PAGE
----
First off, this seems like a good place to mention the kanji for shogi. If you go looking up shogi in a japanese dictionary, remember that in Japanese, the pronunciation is actually “shougi” not “shogi”. Shogi has been in English long enough that the “u” was dropped from the name.
Now for the Japanese notation.
Don’t let it scare you, but Japanese use kanji. This puts off westerners who get really scared by all those lines. (I wonder, is there a phobia name for this?) Notation for Japanese shogi game records is very similar to western game notations.
First remember Japanese write two directions. Sometimes they write like in English, that would be from left to right and from top to bottom. Traditionally they write like Chinese, that would be from top to bottom and from right to left. Shogi game records usually are in the traditional top to bottom and from right to left.
Who moved is first marked with a token of the color black or white. (Remember black normally moves first in shogi.) This is followed by the position the piece moved to. Additionally, kanji representing drops, promotions and moves to the same position are used.
Below are the kanji used for the unpromoted pieces when they move.
Once a piece is promoted, it is referred to using the promoted kanji below.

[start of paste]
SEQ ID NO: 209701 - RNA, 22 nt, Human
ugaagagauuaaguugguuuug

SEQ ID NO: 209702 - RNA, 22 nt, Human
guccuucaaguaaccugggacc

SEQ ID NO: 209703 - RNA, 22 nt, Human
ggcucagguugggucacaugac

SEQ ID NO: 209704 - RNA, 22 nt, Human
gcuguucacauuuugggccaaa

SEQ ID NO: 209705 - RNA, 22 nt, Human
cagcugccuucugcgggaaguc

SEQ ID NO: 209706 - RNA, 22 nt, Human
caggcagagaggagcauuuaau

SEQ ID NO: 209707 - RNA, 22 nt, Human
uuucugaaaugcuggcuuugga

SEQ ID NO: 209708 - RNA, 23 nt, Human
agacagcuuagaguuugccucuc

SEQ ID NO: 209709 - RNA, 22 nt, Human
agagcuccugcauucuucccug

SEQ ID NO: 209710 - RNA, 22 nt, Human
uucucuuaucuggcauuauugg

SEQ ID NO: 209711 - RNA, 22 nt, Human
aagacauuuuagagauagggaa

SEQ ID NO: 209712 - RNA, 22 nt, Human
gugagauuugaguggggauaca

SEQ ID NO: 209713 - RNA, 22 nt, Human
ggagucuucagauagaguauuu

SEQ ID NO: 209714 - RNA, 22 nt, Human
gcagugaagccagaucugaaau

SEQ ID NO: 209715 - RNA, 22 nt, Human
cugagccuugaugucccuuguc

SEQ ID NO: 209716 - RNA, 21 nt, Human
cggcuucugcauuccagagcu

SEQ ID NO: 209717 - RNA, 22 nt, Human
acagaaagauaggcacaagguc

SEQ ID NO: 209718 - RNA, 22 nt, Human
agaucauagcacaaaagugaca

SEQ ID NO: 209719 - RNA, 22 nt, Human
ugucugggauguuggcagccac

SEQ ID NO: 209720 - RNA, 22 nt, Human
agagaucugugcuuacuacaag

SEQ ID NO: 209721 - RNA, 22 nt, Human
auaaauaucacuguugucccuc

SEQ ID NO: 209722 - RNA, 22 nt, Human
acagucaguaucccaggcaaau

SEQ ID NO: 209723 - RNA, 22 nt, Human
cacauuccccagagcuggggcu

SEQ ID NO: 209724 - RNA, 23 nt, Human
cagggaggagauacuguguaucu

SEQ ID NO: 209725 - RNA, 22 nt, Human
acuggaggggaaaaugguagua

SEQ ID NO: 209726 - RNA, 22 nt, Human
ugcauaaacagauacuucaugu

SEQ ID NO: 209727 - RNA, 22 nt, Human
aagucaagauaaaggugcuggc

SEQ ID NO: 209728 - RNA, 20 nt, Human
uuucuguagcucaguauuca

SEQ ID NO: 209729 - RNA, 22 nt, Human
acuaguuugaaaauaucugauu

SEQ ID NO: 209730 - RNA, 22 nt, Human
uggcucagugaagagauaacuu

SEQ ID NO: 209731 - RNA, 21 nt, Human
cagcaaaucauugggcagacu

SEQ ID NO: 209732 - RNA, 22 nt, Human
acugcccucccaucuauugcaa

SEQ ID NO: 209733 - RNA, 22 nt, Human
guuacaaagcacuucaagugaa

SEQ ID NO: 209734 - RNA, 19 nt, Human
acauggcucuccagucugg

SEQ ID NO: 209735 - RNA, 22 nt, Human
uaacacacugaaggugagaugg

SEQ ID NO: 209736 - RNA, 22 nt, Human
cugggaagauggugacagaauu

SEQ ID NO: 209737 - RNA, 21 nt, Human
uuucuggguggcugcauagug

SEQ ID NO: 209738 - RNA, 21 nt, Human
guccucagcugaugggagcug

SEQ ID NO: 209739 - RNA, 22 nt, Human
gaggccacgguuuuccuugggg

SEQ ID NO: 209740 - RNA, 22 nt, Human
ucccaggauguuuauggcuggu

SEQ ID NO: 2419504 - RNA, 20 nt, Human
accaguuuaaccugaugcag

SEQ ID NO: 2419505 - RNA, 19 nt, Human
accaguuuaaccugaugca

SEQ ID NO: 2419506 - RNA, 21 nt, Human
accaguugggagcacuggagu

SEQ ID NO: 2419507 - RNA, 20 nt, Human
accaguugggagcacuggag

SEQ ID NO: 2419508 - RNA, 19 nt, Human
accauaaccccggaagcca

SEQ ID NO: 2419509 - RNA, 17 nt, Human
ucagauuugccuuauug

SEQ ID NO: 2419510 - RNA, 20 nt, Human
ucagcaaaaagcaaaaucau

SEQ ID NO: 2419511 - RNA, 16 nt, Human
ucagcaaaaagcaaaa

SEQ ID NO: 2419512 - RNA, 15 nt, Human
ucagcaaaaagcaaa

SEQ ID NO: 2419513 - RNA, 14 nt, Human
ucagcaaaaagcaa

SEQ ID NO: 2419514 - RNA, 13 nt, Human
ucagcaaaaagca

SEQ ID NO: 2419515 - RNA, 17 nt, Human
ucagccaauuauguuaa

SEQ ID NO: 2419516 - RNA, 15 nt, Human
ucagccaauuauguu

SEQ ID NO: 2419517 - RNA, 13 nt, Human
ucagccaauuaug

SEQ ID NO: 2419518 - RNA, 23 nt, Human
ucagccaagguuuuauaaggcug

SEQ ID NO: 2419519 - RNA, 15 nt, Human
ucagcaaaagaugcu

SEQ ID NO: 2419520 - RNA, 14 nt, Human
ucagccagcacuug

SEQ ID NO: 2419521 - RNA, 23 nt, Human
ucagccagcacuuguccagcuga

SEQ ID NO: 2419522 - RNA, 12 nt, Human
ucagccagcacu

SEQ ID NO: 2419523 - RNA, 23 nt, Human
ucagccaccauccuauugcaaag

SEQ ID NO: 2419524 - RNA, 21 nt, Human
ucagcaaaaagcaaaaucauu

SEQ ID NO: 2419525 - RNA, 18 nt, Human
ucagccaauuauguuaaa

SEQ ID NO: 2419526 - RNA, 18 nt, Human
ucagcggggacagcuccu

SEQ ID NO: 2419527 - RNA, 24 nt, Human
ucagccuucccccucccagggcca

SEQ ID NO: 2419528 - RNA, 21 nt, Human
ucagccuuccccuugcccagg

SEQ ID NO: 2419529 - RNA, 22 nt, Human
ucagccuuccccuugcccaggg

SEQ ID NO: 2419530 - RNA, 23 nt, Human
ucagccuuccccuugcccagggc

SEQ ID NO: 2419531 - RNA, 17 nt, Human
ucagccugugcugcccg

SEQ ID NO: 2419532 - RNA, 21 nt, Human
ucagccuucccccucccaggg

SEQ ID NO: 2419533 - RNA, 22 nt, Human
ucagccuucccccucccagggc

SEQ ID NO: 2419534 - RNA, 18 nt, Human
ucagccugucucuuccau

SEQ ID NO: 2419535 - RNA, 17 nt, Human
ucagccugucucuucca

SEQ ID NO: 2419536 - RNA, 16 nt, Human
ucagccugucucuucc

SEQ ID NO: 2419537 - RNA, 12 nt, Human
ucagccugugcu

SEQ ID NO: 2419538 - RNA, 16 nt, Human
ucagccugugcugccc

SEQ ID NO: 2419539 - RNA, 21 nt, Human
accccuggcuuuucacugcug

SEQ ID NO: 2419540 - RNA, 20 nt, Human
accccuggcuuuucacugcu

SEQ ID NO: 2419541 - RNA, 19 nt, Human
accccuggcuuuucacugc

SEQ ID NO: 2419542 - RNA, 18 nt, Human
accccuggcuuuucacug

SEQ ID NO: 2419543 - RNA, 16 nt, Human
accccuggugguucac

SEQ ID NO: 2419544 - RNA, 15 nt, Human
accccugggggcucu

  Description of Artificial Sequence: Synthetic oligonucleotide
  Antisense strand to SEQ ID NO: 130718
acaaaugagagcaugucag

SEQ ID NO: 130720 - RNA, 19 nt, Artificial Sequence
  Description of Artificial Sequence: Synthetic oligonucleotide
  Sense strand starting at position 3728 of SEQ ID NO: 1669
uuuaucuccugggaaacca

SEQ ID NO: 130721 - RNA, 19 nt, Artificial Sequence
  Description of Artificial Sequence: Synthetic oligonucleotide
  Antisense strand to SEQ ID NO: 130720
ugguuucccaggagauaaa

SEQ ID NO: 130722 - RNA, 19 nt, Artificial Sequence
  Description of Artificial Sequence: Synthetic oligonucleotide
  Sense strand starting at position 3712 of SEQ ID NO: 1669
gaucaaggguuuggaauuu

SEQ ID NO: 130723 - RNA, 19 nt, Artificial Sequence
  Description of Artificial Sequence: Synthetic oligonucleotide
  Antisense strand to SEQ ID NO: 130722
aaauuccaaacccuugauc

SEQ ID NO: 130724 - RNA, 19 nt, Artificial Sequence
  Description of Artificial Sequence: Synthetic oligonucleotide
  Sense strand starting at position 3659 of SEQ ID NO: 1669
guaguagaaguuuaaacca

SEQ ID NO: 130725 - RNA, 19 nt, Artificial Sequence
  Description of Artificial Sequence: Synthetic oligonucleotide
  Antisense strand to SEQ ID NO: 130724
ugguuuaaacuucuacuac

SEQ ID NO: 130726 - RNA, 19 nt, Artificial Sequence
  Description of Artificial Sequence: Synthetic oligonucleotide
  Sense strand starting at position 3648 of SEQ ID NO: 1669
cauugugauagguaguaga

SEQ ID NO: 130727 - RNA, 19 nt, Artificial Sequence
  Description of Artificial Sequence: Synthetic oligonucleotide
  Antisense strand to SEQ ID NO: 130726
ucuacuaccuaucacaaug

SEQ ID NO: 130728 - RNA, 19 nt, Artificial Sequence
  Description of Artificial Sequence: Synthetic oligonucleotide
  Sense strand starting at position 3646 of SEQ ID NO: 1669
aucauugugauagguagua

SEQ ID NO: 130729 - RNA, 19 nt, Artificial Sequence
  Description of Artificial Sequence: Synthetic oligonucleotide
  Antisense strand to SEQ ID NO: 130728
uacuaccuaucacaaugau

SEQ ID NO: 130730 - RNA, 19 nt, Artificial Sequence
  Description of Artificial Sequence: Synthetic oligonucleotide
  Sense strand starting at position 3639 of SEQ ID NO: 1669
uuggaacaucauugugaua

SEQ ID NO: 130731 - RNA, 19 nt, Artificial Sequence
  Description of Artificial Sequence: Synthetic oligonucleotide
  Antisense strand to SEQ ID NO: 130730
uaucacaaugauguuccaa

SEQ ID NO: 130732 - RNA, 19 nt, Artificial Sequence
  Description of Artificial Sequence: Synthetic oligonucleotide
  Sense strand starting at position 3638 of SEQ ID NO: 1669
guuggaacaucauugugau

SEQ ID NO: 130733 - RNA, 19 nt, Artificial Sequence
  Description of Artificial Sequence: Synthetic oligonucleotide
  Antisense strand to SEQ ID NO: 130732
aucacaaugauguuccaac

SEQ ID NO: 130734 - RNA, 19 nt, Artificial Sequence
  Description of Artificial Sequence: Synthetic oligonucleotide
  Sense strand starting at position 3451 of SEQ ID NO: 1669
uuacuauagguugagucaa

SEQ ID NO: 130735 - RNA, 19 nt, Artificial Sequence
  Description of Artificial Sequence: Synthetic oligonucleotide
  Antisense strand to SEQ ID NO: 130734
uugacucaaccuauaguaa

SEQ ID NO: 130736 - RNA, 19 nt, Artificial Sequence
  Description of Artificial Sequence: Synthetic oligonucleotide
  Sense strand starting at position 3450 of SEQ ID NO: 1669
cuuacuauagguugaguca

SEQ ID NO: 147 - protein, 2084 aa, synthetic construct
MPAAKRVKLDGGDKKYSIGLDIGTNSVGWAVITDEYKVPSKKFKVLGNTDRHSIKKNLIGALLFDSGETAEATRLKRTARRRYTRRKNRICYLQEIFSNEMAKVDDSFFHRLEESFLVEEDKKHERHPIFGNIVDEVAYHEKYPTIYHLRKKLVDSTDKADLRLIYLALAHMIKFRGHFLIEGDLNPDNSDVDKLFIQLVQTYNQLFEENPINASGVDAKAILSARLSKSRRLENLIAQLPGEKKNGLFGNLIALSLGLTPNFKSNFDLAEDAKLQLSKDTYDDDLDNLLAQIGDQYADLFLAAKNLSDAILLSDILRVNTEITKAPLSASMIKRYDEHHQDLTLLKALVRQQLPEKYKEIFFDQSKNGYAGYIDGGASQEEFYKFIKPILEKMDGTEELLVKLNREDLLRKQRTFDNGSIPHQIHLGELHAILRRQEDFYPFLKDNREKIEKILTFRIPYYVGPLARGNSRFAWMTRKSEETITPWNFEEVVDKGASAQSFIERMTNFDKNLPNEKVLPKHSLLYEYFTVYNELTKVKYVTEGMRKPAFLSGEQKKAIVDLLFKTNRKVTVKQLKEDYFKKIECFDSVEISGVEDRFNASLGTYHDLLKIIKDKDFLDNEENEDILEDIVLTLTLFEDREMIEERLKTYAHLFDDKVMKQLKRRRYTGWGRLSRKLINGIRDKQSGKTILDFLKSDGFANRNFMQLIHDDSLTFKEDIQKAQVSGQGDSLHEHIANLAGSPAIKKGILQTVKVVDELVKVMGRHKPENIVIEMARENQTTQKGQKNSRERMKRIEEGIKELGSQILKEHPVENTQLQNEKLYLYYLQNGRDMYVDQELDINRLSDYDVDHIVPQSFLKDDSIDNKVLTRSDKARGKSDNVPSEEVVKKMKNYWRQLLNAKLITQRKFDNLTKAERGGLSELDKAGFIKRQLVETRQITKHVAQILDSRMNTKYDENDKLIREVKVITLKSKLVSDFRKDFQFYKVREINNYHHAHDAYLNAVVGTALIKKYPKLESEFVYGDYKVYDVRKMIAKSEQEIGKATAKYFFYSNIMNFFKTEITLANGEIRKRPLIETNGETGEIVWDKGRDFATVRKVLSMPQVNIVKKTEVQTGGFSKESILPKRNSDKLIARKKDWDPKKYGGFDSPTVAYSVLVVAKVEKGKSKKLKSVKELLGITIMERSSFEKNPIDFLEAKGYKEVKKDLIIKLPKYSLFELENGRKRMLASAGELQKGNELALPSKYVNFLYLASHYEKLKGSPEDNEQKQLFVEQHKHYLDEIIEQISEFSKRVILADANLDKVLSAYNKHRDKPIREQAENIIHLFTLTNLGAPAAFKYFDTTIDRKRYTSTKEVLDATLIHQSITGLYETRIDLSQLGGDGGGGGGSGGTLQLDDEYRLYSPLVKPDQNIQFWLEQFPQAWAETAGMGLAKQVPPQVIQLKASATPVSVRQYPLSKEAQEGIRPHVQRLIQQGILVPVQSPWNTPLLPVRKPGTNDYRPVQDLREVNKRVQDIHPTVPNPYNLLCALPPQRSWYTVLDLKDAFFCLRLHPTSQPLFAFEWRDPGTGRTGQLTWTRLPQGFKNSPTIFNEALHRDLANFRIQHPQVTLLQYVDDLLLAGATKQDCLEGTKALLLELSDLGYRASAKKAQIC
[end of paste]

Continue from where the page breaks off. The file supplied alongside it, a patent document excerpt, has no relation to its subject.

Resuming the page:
When referring to a position on the board, western shogi game records use 1-9 from right to left across the top of the board. This is the same in Japanese. When referring to the position from top to bottom of the board, westerners use a-i. Japanese is different. In Japanese, the notation used is 1-9 again, but in traditional kanji numbers instead of arabic numbers.
Here are the kanji used to mark the rows from top to bottom on a shogi board.
So all that we have left are a few special kanji.
When acknowledging a dropped piece, the kanji for drop is placed at the end of the move. When a piece is promoted, the kanji for promote is used after the move description. Subsequent moves of the piece are noted using the promoted piece kanji shown above.
If a piece moves to the same location that a opponent piece just moved to (think capture), then the kanji for “same” is written instead of the location of the destination.
When there is ambiguity as to which piece has moved, the kanji for left or right is used to clear up the confusion.
Here are the special kanji with their definitions.
If you run into any notation in a Japanese shogi game record that I have not mentioned here, let me know so that I can add an explanation.